In the world’s transition to lower-emission fuels, politics is an important part of both the solution and the problem.
Decarbonization is shaping up to be the next industrial revolution – a massive shift that will lead to the decline of some industries and the rise of others, creating both risks and opportunities. for investors. While renewables are often cheaper today than burning fossil fuels, the time pressures from global warming mean politics will be instrumental in making that happen.
The mess of those politics is in the spotlight once again, as US lawmakers try to revive some of the clean energy initiatives featured in President Donald Trump’s failed Build Back Better bill. President Biden.
According to estimates by consulting firm McKinsey, annual investment in physical assets will have to increase by $3.5 trillion to $9.2 trillion per year to decarbonize the global economy. Only a small fraction of that comes from public sources, but the incentives, targets, and regulations set forth by politicians strongly influence private investment, risk, and return.
In the absence of a global carbon price – a political anomaly – well-designed national energy plans can be effective ways to accelerate the transition by coordinating action and reduce investment risk. To reach the common goal of net zero emissions by 2050, the change needs to be at least twice as fast as when the world switched from coal to oil in the last century.
Elected leaders, however, are motivated by short-term thinking, partisanship, and local issues. This is the opposite of consistent, coherent planning needed.
Britain’s latest energy security plan, announced last month, is a useful example. It includes a number of much-needed initiatives to streamline approvals for offshore wind farms and accelerate investment in energy efficiency. However, it also focuses too much on shiny new infrastructure projects to be built over the years to come, while avoiding more controversial solutions that could be rolled out much sooner.
There are eye-catching ambitions for up to eight new nuclear plants, as well as funding for small nuclear reactors from British corporate icon Rolls Royce.
It will take years or even decades to start producing energy, if they happen at all. The UK’s new nuclear plants have been a political issue for years.
The UK also aims to be the “Saudi Arabia of wind energy” and is increasing incentives for offshore turbines, including streamlining planning and licensing, which are key. by many developers. However, the plan does not include any significant dynamics for onshore winds. Land-based turbines are relatively cheap and quickly built, but often face local opposition. The system may be simplified, but will inevitably mean limiting the people’s right to protest, which is rarely a winning political strategy.
In the US, where the energy transition is a much more partisan issue than in the UK, politics is said to be even harsher. The upcoming midterm elections are weighing heavily on the timing, content and approach to reinstating any clean energy incentives from the failed Build Back Better bill. Even the name is wordy.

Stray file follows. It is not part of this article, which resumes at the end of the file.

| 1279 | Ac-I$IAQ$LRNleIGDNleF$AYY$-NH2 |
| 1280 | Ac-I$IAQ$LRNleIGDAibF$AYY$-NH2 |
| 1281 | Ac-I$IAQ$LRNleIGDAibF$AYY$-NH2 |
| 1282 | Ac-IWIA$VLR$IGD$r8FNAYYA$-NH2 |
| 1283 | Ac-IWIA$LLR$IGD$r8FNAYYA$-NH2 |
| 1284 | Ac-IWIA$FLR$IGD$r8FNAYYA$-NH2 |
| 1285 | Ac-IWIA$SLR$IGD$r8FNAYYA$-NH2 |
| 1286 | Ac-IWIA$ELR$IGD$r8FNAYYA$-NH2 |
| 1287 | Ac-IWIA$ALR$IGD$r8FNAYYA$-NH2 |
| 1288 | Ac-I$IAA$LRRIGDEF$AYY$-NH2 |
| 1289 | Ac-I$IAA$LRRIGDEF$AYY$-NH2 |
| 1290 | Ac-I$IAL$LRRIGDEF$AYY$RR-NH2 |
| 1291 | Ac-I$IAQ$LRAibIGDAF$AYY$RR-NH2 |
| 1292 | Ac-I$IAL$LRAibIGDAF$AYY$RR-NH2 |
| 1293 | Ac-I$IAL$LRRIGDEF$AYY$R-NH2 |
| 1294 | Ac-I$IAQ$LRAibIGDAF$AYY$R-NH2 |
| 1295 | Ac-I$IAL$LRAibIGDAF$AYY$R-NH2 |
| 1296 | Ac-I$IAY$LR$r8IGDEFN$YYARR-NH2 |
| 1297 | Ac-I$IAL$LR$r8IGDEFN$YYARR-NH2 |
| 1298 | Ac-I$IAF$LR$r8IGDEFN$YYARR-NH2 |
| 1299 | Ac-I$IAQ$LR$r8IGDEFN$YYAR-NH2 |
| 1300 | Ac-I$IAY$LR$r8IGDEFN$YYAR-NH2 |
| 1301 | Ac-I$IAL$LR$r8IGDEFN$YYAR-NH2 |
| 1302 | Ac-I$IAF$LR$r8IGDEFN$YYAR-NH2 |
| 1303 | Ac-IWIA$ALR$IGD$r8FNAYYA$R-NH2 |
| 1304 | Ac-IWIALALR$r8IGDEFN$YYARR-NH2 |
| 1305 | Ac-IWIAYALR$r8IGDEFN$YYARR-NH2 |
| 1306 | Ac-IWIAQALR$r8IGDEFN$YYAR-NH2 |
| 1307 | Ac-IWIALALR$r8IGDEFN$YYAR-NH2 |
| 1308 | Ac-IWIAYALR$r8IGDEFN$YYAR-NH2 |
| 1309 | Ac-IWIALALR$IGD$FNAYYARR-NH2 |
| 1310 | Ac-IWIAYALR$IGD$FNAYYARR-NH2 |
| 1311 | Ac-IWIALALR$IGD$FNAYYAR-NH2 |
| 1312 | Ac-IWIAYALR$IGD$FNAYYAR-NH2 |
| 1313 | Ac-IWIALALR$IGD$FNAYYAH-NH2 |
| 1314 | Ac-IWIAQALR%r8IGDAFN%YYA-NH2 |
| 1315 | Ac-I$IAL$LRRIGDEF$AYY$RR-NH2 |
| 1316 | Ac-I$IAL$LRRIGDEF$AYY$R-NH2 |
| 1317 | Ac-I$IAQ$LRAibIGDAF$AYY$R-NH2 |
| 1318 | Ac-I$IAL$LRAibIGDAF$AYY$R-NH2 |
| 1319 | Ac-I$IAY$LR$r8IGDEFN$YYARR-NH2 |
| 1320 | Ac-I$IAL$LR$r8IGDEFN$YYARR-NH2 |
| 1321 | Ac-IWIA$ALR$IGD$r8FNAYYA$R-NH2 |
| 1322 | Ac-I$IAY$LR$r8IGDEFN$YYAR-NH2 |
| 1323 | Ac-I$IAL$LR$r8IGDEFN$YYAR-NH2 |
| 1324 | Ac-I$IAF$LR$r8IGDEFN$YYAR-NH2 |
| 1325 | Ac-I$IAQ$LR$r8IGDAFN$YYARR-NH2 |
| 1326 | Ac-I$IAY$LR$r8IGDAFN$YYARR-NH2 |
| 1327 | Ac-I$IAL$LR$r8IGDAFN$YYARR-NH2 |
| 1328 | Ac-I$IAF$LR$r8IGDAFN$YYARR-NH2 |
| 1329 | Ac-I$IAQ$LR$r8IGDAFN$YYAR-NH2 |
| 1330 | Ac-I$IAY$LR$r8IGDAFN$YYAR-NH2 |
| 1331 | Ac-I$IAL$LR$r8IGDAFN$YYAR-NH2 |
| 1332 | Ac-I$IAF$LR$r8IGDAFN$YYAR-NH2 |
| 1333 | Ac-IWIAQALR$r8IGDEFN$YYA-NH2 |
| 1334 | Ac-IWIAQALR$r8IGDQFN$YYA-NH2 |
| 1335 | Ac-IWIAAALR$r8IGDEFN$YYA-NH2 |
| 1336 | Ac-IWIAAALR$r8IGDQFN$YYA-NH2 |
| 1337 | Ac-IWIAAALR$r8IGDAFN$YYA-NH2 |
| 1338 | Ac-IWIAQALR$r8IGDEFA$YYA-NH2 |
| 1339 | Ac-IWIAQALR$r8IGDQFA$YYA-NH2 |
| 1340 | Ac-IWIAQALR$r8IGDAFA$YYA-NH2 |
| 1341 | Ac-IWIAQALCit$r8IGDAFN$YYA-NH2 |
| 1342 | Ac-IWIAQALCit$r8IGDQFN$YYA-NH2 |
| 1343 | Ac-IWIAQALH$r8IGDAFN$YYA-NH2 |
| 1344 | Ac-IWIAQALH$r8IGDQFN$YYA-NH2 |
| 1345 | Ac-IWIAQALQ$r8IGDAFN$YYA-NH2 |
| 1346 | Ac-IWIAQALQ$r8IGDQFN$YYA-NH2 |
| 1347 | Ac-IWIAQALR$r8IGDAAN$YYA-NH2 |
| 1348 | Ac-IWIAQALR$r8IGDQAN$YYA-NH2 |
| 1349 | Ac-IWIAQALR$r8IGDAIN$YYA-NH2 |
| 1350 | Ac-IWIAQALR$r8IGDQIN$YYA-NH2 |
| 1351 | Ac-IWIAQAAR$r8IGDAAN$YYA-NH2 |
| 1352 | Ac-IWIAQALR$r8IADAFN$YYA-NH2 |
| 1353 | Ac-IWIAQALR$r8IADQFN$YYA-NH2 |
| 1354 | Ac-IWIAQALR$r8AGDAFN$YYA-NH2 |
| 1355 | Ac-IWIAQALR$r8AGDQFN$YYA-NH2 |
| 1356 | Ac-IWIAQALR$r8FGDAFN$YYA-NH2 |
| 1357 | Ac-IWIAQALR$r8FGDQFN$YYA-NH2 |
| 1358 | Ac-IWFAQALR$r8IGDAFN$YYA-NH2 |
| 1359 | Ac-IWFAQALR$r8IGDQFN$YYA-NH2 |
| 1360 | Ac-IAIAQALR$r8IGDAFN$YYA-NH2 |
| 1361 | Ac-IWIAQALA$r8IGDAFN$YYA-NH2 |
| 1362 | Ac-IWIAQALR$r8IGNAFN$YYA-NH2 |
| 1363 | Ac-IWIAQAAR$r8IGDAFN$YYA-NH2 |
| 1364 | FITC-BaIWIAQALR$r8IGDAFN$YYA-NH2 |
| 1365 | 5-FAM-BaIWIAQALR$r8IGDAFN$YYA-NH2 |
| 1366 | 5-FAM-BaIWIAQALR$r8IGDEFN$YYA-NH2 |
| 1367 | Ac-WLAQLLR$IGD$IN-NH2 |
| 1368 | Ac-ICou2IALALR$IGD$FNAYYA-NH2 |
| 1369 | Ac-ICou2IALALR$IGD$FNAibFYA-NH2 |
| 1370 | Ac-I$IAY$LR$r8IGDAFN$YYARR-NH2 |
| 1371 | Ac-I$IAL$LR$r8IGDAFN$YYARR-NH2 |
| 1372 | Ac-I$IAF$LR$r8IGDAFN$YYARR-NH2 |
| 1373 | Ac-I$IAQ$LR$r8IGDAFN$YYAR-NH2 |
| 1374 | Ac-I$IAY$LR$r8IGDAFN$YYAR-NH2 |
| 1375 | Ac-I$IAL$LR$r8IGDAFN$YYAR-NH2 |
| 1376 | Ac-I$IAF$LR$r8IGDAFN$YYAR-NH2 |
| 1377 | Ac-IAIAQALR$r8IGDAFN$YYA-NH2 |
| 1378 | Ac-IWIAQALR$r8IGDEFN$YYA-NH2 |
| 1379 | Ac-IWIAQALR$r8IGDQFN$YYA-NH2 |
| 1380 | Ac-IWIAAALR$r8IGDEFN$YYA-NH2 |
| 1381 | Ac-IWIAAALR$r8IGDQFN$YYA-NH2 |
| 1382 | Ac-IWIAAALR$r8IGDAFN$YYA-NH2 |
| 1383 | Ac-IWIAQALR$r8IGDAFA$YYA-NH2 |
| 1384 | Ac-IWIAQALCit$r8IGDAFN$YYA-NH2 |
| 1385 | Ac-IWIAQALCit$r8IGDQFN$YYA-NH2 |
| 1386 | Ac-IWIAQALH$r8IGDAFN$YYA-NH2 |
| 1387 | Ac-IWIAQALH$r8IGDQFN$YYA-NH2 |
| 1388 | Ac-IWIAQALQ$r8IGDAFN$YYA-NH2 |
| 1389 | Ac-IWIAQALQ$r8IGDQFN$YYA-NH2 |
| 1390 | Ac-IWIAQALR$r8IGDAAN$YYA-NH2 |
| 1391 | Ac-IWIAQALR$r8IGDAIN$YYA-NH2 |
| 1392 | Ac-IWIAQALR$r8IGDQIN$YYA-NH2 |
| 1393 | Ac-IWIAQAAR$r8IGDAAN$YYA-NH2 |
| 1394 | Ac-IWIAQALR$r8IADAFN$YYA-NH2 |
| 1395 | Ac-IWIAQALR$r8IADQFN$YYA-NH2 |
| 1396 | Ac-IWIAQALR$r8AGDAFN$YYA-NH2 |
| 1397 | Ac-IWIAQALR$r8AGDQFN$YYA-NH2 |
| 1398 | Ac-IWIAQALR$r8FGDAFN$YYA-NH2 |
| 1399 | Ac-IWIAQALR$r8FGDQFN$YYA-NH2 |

There are political ambitions to boost solar panel production in the country, but they will take years to bear fruit. Meanwhile, an investigation by the US Department of Commerce threatening to impose retroactive anti-dumping duties on solar panels made in Cambodia, Malaysia, Thailand and Vietnam has caused orders goods are delayed and canceled. It is threatening local projects and eventually installation jobs, causing “the rapid deterioration of the US solar industry,” according to the Solar Energy Industry Association.
However, there are signs of progress in other areas. A key bottleneck is transmission line approvals: A record 1,400 gigawatts of total generating and storage capacity is currently seeking connection to the grid, more than the current U.S. generating capacity of 1,200 gigawatts, according to a post. Newspapers from Berkeley Lab. The Federal Energy Regulatory Commission is currently working on a series of proposed rule changes to streamline transmission line approval processes.
“You can think of the grid as an interstate highway for electrons,” said former FERC president Norman Bay of Willkie Farr & Gallagher. “Imagine what the national highway system would have looked like if, in 1956, the federal government hadn’t taken the lead in planning, getting the right to pave the way, and covering the costs.”
President Eisenhower’s Federal Aid Highway Act of 1956 was not widely popular, but it was quite successful in providing a national road network. Such a sweeping national action seems unlikely in the current political climate, but the more mundane actions of officials at FERC and elsewhere could benefit from flying under the influence. radar surveillance. Key areas of energy transmission that depend on them, such as power transmission lines, may not be a bad place for investors to look.
Edit & Amplify
Former FERC President Norman Bay with Willkie Farr & Gallagher. An earlier version of this article incorrectly stated that the company was Wilkie Farr & Gallagher. (Fixed on May 12)
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https://www.wsj.com/articles/politics-could-speed-up-clean-energy-they-may-also-slow-it-down-11651829413?mod=rss_markets_main Politics Could Speed Up Clean Energy. They May Also Slow It Down.